Speed


VPN speed has a great many factors to be aware of. The best way to test VPN speed is to just test out a few servers. We like to test out the servers closest to our physical location and then test out a few servers we know we would want to use regularly.

The other thing to think about is that not all servers are created equal. There may be two servers in one city but one might be faster than the other one.

Here in Australia, we are far from the US and Europe alike so it is important to test both out.

All in all, UltraVPN competed with the fastest VPNs around. Luckily, the service has servers all over the world.

speed

Australia: When connected to the servers in Australia, we only saw a decrease in speed of around 10% on average. This is really good compared to a lot of other services out there. If you want to encrypt your data but keep a server close by, UltraVPN holds up.

Southeast Asia: If for some reason your IP address needs to leave the continent, Singapore is available to you. The speeds here throttled our connection by about 20%, which again, is pretty good.

UK: Here is where things get a little dicey. When connected to a server in London, our speeds dropped by about 60%. This was perfectly fine as we still had a pretty fast connection. When we connect to an English server, it’s usually to watch Netflix. These speeds are good for streaming. The issue arose when we connected to a Manchester server. Our speeds were cut by another 20%. It’s not like we need to connect to that server but it did show us that not all UltraVPN servers are created equal.

USA: In Australia, there really aren’t any VPNs that will give you blazing speeds from the US. We experienced around 10-15Mbps when we connected to their east coast servers. These speeds are fine for streaming and will let you watch Netflix with no issue.

UltraVPN is similar to a lot of other VPNs. The speed on some servers are better than others and geographic location heavily impacts your speed. There is nothing groundbreaking to report here. The speeds are good and the server location is sufficient.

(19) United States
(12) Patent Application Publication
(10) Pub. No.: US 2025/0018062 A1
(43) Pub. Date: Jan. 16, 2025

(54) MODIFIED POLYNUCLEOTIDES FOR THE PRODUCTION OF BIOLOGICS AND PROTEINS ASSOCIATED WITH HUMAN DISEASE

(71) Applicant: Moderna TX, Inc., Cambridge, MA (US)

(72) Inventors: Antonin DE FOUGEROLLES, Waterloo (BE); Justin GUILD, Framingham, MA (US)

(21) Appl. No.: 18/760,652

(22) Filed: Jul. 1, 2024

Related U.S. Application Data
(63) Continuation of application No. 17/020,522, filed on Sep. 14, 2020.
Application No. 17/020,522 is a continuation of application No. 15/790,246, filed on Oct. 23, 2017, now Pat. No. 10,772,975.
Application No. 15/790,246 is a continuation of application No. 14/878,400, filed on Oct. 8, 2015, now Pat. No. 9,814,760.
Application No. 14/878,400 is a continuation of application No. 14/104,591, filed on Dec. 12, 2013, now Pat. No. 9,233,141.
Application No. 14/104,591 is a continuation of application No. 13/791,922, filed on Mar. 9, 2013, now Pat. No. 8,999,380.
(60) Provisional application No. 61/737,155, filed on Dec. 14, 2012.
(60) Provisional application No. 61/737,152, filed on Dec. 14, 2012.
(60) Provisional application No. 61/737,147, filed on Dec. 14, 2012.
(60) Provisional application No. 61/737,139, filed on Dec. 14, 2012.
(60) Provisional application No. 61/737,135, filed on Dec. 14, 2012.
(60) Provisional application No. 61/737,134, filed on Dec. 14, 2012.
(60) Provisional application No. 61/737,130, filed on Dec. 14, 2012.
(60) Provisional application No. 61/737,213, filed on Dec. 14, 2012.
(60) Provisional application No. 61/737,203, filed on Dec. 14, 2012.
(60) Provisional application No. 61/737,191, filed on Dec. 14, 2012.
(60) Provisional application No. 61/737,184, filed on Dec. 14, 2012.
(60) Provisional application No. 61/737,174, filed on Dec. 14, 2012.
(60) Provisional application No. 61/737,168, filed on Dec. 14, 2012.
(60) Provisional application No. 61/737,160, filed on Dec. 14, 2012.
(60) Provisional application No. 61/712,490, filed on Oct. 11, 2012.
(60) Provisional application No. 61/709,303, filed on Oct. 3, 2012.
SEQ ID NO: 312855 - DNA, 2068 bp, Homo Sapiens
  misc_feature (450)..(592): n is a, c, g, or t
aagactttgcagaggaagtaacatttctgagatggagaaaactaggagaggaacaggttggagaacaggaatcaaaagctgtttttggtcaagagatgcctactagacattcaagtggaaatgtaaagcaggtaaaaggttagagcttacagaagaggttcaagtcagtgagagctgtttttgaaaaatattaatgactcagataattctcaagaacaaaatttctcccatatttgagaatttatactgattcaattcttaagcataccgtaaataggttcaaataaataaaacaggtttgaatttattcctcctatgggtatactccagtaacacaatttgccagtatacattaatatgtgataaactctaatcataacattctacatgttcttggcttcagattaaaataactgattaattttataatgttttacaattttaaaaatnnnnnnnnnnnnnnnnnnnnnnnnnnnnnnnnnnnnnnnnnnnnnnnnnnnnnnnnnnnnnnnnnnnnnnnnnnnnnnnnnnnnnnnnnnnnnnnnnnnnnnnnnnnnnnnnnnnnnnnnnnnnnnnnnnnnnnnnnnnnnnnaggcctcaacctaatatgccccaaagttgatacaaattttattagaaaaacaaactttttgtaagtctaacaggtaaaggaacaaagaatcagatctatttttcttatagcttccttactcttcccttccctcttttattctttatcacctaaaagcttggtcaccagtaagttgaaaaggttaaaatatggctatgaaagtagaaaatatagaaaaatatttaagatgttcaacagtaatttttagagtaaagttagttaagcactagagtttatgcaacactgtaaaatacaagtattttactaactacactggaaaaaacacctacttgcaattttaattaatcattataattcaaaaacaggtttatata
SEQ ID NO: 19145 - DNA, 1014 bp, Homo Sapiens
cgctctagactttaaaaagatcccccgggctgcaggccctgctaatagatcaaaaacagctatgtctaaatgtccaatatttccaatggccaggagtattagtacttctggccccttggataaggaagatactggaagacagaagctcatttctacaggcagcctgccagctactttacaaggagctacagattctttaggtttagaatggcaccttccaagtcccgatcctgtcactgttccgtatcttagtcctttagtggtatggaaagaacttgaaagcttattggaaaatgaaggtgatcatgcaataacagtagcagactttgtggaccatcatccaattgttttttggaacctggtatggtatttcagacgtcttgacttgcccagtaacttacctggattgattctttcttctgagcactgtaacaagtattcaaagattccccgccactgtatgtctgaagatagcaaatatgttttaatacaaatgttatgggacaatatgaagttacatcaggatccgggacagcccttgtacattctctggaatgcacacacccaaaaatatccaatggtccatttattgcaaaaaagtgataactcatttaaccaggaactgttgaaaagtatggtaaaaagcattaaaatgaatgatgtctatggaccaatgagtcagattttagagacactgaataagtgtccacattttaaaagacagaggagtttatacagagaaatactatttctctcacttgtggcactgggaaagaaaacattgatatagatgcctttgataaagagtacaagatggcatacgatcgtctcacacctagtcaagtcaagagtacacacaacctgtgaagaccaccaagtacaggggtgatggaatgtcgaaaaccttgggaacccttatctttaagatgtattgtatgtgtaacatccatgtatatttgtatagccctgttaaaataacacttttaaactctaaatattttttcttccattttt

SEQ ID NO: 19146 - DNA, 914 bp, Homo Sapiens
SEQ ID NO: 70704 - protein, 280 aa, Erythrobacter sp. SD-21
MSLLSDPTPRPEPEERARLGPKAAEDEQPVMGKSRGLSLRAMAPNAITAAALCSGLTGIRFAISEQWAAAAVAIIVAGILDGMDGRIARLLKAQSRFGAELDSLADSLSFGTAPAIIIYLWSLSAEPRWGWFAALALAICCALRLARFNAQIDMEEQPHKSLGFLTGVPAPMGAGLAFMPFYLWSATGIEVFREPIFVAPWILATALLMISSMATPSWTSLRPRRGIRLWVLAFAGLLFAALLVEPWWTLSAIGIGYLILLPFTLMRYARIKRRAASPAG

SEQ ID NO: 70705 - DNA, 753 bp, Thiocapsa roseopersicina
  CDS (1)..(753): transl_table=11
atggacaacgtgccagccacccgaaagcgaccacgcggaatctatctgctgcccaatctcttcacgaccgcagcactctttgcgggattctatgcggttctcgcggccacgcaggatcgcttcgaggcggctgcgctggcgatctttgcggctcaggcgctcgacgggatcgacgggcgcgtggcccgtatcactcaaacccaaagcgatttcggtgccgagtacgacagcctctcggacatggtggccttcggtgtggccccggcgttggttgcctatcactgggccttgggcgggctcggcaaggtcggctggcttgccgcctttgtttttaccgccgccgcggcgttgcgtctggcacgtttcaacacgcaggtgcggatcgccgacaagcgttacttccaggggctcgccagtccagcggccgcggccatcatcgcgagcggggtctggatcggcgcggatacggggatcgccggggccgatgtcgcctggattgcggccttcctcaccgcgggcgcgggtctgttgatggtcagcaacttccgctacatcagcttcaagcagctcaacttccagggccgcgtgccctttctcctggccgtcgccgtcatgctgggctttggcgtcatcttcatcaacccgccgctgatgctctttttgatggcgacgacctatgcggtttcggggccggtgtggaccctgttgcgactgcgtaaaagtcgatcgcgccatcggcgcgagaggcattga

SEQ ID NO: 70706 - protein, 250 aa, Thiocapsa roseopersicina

Netflix and Streaming


Being able to watch the Netflix version from a different country than the one you’re in is at least 50% of the reason to use a VPN. Shows like Avatar: The Last Airbender aren’t available in the US but are available in other countries like Thailand.

In general, US Netflix has access to the most titles but every country has access to different movies and shows. Being able to access those countries gives you the most bang for your buck in terms of your Netflix subscription. At this point, I consider my VPN a part of my Netflix cost — and it’s worth it.

A lot of VPN providers struggle with getting around Netflix geo-restrictions. They really crack down on VPNs and if they notice there is a server bringing in a lot of traffic, they’ll block it, making your VPN useless for Netflix.

UltraVPN is in the top tier of Netflix accessing VPNs. Their servers have always worked with the streaming service. Even though we haven’t discovered Netflix troubles on any of their servers, UltraVPN has a dedicated Netflix server. The servers also work with every other streaming service we tried besides BBC iPlayer (the toughest of streaming services to crack).

Packages


One of the great things about UltraVPN is the price. It comes in as one of the cheaper VPNs we review. The other exciting aspect of the pricing is that you get a 30-day money back guarantee and the company encourages you to test out the service risk-free. It’s mighty nice of them!